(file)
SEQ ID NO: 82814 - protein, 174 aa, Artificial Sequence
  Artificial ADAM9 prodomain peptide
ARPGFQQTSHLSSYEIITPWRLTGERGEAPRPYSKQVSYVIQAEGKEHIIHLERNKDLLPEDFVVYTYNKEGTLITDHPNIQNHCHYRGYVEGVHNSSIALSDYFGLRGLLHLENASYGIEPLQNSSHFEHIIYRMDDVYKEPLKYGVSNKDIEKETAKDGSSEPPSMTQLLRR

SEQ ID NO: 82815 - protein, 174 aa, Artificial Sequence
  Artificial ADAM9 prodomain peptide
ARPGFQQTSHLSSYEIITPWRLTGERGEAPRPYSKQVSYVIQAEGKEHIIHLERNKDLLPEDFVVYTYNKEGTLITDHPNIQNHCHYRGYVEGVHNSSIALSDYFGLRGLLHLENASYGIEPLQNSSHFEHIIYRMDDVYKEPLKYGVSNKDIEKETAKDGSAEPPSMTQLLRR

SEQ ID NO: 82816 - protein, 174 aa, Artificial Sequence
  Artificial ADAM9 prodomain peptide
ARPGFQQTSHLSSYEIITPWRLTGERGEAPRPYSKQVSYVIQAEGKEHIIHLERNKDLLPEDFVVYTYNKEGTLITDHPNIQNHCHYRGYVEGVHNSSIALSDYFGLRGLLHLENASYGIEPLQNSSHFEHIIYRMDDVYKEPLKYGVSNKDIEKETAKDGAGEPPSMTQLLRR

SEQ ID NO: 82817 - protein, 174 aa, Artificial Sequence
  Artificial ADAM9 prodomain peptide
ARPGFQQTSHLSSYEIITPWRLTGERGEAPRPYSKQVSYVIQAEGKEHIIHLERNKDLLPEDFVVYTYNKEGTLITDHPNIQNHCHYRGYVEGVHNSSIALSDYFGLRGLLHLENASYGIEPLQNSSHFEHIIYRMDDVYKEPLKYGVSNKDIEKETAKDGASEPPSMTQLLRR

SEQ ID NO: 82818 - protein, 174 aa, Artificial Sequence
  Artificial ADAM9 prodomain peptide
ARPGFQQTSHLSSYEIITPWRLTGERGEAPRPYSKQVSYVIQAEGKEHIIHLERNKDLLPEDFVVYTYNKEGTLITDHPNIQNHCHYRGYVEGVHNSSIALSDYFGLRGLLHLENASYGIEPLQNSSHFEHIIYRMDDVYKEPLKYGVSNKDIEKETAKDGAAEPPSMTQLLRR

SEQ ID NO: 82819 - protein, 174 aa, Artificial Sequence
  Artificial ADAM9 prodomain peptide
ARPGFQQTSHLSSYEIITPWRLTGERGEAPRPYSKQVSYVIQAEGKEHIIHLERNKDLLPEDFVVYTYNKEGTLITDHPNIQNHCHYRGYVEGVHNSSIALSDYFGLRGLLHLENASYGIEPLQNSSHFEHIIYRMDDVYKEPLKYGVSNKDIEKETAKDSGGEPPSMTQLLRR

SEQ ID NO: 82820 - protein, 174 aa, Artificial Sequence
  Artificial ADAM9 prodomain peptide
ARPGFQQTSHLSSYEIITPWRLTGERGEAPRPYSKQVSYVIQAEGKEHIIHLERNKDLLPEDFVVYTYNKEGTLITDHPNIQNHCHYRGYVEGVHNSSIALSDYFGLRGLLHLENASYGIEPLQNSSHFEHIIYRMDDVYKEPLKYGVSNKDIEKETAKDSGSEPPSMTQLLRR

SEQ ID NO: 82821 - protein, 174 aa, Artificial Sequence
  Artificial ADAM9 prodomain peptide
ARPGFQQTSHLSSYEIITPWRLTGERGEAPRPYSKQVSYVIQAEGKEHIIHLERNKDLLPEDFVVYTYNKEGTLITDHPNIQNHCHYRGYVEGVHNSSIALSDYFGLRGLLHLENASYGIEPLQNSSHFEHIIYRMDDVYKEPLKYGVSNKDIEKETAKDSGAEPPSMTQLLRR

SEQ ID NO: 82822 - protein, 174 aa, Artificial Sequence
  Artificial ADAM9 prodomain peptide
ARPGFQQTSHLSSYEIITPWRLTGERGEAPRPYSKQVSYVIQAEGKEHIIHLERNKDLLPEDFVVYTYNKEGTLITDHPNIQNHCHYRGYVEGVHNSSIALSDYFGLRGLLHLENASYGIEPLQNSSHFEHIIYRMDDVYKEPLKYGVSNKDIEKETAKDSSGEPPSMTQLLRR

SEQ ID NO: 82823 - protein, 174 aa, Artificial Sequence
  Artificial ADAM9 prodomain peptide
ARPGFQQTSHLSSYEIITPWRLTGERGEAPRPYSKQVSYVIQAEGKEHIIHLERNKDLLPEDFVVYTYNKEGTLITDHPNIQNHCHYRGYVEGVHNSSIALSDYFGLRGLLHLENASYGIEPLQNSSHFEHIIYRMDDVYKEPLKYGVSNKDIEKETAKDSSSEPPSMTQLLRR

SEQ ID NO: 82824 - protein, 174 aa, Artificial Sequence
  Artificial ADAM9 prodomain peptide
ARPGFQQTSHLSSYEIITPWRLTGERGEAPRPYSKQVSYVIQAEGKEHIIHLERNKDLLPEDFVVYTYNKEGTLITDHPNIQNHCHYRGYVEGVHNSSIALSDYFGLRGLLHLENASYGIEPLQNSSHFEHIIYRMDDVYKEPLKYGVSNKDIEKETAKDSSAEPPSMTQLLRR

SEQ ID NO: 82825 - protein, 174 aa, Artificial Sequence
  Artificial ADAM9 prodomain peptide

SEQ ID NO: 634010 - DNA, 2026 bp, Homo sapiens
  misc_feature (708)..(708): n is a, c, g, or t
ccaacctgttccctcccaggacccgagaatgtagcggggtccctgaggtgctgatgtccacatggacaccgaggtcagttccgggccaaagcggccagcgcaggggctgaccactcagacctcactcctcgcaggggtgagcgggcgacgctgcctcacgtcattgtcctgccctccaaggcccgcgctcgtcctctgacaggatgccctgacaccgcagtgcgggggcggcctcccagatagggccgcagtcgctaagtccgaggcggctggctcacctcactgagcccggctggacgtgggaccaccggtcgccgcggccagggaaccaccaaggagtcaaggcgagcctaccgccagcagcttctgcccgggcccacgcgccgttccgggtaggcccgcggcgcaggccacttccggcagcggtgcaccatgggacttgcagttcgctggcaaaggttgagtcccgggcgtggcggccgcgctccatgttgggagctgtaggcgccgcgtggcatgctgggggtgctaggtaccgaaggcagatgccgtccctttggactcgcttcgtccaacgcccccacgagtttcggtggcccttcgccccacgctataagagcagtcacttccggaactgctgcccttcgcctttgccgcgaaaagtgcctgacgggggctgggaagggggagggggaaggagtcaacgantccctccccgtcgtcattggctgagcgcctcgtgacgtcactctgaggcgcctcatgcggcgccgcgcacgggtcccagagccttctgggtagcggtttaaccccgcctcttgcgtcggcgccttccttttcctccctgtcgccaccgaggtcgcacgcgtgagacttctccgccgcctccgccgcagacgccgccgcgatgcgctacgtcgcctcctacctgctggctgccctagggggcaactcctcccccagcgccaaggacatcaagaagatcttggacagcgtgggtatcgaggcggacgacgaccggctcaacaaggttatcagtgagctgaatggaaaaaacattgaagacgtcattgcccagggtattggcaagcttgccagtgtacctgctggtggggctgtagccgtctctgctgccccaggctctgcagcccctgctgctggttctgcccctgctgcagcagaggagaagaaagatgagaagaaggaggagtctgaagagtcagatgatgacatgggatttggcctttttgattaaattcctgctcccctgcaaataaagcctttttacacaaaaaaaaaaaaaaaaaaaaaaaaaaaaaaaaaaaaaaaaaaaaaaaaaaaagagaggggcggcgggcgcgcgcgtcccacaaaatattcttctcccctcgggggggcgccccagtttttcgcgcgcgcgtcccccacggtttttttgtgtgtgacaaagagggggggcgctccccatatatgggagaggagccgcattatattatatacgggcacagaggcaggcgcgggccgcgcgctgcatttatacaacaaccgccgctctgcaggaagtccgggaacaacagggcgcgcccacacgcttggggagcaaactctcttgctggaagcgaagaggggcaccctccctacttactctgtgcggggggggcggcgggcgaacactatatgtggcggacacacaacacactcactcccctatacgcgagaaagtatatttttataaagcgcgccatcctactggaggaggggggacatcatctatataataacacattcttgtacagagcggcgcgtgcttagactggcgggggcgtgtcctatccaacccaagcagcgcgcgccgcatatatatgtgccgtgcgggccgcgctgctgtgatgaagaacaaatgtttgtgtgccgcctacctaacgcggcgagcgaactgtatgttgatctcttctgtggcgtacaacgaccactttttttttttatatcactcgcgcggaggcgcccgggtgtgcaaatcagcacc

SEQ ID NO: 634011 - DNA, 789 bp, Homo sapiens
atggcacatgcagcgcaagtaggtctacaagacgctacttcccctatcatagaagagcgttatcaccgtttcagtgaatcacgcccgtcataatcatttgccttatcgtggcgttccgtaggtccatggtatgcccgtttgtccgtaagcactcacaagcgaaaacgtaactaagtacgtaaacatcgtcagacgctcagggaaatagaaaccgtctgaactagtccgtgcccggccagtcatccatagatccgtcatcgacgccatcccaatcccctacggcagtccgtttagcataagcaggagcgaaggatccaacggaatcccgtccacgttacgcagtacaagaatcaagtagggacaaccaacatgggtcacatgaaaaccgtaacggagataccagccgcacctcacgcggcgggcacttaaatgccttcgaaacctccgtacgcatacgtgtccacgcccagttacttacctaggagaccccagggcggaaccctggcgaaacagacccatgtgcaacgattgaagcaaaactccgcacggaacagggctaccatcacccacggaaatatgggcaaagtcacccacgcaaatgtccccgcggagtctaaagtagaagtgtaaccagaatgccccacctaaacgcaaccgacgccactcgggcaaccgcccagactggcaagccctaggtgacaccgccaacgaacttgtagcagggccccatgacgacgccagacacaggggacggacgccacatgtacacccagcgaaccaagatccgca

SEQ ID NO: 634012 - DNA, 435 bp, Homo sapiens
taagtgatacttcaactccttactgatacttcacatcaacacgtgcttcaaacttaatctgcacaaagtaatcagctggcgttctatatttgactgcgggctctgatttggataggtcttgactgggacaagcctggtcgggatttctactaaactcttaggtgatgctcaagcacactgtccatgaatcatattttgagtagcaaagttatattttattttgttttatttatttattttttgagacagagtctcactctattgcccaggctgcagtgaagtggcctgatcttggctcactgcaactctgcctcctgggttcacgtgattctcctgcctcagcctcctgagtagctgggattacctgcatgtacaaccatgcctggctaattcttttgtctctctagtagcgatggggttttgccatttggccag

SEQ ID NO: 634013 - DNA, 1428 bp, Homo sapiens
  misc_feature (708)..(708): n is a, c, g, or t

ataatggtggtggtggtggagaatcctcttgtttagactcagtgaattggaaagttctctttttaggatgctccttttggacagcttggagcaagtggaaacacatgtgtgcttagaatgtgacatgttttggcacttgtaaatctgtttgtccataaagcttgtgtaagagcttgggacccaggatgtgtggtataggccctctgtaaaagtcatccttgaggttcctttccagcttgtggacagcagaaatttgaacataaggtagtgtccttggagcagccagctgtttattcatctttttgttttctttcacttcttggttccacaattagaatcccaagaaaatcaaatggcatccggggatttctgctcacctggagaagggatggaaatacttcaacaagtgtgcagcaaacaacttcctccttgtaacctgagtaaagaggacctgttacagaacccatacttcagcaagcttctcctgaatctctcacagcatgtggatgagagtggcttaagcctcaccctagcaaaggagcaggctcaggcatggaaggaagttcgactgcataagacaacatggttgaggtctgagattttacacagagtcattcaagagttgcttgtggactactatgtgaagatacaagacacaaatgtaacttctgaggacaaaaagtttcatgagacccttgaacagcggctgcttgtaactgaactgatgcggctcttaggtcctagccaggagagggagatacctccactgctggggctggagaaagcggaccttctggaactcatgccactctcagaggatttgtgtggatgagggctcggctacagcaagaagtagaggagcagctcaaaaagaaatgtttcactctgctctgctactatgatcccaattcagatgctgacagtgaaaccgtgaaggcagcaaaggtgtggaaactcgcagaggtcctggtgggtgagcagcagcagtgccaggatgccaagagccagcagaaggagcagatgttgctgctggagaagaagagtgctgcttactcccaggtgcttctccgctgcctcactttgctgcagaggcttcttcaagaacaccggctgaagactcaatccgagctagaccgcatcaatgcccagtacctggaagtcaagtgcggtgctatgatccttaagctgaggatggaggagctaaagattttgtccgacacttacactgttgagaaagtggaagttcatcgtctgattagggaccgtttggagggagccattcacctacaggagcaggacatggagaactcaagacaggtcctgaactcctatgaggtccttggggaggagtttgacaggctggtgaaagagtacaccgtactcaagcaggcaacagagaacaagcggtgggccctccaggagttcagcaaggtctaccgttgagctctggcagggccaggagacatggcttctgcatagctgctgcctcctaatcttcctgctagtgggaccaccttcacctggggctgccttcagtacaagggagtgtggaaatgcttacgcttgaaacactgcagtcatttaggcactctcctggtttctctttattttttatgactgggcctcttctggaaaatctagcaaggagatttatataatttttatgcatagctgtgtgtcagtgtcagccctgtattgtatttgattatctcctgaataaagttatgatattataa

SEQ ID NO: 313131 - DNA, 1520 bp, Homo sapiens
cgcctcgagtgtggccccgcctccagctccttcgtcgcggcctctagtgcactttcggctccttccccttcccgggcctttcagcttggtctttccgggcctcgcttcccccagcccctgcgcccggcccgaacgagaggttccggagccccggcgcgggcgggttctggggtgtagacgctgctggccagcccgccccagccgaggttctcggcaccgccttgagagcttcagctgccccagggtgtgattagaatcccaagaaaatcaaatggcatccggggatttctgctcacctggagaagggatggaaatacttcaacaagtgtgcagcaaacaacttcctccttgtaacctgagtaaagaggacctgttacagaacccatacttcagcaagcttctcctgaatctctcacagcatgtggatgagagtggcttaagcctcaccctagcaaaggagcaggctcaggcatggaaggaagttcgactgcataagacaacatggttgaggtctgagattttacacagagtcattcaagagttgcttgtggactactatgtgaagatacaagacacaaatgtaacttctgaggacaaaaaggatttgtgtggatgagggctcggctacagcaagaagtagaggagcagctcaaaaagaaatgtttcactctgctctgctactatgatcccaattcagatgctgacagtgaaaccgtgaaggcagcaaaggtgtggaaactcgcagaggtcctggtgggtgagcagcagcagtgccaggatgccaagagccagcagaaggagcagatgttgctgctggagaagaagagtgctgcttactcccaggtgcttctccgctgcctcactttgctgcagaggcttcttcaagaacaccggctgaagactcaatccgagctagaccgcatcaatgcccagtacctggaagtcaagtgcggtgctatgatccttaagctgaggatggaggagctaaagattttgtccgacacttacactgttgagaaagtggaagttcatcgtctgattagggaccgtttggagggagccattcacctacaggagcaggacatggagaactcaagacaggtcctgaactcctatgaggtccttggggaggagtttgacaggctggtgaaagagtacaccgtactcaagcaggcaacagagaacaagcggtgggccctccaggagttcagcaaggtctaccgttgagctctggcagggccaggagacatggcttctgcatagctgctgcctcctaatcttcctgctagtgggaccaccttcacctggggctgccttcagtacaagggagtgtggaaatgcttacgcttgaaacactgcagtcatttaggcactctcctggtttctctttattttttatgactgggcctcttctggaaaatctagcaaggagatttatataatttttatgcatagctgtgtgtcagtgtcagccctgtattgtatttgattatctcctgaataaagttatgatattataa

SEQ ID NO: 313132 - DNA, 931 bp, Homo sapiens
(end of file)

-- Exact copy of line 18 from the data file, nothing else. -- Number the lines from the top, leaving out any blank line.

ARPGFQQTSHLSSYEIITPWRLTGERGEAPRPYSKQVSYVIQAEGKEHIIHLERNKDLLPEDFVVYTYNKEGTLITDHPNIQNHCHYRGYVEGVHNSSIALSDYFGLRGLLHLENASYGIEPLQNSSHFEHIIYRMDDVYKEPLKYGVSNKDIEKETAKDSGGEPPSMTQLLRR